Prince freed himself from record labels years ago. Paul McCartney, Radiohead and Nine Inch Nails have followed. Now the Material Girl appears to be kissing her big-name record company goodbye for a cool $120 million.
Madonna is expected to sign a recording deal with entertainment producer Live Nation.
Could U2 be next? Justin Timberlake? Coldplay? Do superstars even need traditional multiyear album contracts when CD sales are plummeting and fans are swiping tons of music for free online, or tuning in to their favorite bands via YouTube, MySpace and other Internet portals?
“There’s a prevailing wisdom that many established acts don’t need a record label anymore,” said Bruce Flohr, an executive at Red Light Management, which represents artists such as Dave Matthews Band and Alanis Morrissette, and ATO Records, home to David Grey, Gomez and Crowded House, among others.
“This is the new frontier. This is the beginning of a new era for the music business,” Flohr said.
Executives at the four major record labels would not comment on the record for this story. But several noted privately that their companies are still the best at artist development, promotion and physical distribution of their product — something even big acts can’t entirely do without.
The four majors are Warner Music Group Corp., Vivendi’s Universal Music Group, EMI Group PLC, and Sony BMG Music Entertainment, a joint venture of Sony Corp. and Bertelsmann AG. They accounted for more than 88 percent of all U.S. music album sales this year.
“The game used to be really simple,” Flohr said. “You get your record played on radio, you get your face on Rolling Stone (magazine), and you get on ‘Saturday Night Live.’
“Now, it’s you put your video on YouTube, you get your MySpace page happening, you do your deal with Facebook, you tour … all these things add up, hopefully, to a successful record.”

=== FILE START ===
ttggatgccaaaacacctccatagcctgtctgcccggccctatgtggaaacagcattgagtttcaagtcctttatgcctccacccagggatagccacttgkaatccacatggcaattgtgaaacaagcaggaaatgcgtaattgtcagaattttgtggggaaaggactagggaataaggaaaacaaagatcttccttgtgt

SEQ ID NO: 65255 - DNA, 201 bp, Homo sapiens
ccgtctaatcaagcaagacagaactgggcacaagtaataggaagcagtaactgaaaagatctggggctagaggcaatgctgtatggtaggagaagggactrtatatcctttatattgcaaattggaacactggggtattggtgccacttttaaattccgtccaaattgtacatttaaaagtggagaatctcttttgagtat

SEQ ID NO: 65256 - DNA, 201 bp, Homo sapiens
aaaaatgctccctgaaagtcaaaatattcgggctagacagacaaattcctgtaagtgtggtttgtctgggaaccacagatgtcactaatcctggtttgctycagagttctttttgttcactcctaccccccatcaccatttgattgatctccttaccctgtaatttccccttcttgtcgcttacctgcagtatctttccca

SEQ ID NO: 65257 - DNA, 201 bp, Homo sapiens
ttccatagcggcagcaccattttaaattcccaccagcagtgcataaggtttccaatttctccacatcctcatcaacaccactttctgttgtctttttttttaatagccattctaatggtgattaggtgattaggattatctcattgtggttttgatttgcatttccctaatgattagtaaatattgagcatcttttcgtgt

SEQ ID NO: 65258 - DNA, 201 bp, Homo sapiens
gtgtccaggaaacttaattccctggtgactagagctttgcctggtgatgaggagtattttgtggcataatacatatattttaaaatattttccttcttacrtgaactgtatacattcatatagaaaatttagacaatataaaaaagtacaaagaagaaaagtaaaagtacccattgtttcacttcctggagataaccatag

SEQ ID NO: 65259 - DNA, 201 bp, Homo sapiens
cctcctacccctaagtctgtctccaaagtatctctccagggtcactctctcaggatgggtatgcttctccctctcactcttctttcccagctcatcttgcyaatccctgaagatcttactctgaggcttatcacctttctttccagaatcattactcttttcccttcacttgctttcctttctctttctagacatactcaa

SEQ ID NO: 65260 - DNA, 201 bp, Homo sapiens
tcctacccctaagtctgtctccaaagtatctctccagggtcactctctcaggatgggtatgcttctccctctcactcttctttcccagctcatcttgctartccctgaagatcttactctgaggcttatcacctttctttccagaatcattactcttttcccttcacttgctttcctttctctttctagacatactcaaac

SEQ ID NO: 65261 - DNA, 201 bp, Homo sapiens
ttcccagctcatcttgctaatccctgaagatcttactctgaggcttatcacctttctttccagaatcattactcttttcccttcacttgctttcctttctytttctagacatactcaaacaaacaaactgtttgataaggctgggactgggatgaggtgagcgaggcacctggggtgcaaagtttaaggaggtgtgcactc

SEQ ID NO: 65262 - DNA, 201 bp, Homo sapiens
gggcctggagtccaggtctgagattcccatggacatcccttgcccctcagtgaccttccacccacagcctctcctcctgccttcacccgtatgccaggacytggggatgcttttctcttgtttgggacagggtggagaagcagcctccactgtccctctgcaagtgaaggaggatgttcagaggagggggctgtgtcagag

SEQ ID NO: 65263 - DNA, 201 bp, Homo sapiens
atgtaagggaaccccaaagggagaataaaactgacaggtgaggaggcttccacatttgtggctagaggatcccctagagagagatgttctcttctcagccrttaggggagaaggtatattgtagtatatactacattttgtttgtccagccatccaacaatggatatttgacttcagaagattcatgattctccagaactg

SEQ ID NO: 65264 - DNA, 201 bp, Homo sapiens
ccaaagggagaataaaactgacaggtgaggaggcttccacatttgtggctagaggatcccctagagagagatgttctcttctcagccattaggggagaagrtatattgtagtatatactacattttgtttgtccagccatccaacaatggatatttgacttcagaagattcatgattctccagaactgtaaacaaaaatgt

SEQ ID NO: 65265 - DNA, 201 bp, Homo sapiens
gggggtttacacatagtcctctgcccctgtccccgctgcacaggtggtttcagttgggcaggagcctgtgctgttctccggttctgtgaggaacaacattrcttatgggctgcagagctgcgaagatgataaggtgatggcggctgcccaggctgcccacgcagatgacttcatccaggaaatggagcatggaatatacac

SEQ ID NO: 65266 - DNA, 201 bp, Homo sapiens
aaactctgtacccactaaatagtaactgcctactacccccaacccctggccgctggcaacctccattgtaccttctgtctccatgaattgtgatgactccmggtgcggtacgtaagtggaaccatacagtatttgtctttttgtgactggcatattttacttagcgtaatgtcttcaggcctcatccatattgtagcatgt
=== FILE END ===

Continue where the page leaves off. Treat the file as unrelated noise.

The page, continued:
Some established major acts are using the same tactics as their new albums post lackluster sales but their concert tours keep selling out.
The strategy doesn’t help record companies. The industry has seen a 14 percent drop in the number of CDs sold in the U.S. compared with the same time last year, according to Nielsen SoundScan.
I’ve said this before, but it bears repeating. The music industry has only itself to blame for the steady decline in CD sales. Greed motivated them to collude on pricing and keep CDs priced at $15+ even though 20 years had passed since the technology’s introduction. Piracy was on the rise, yet still the labels didn’t lower prices. But not every artist bought into that. I recall that the Flaming Lips released “Yoshimi Battles The Pink Robots” priced at $9.99, which I thought was a smart move. And then there is Radiohead’s digital-only release of “In Rainbows.”
Clearly, high CD prices have created an incentive to steal. But with the exception of college students who have broadband and endless storage at their disposal, I think most consumers are willing to pay $5-10 for a new CD. It’s worth paying some amount to know that a recording is legit, high quality and includes liner notes, art, lyrics, etc.
Why the record companies haven’t yet figured that they could sell and gross more by asking for less is beyond me.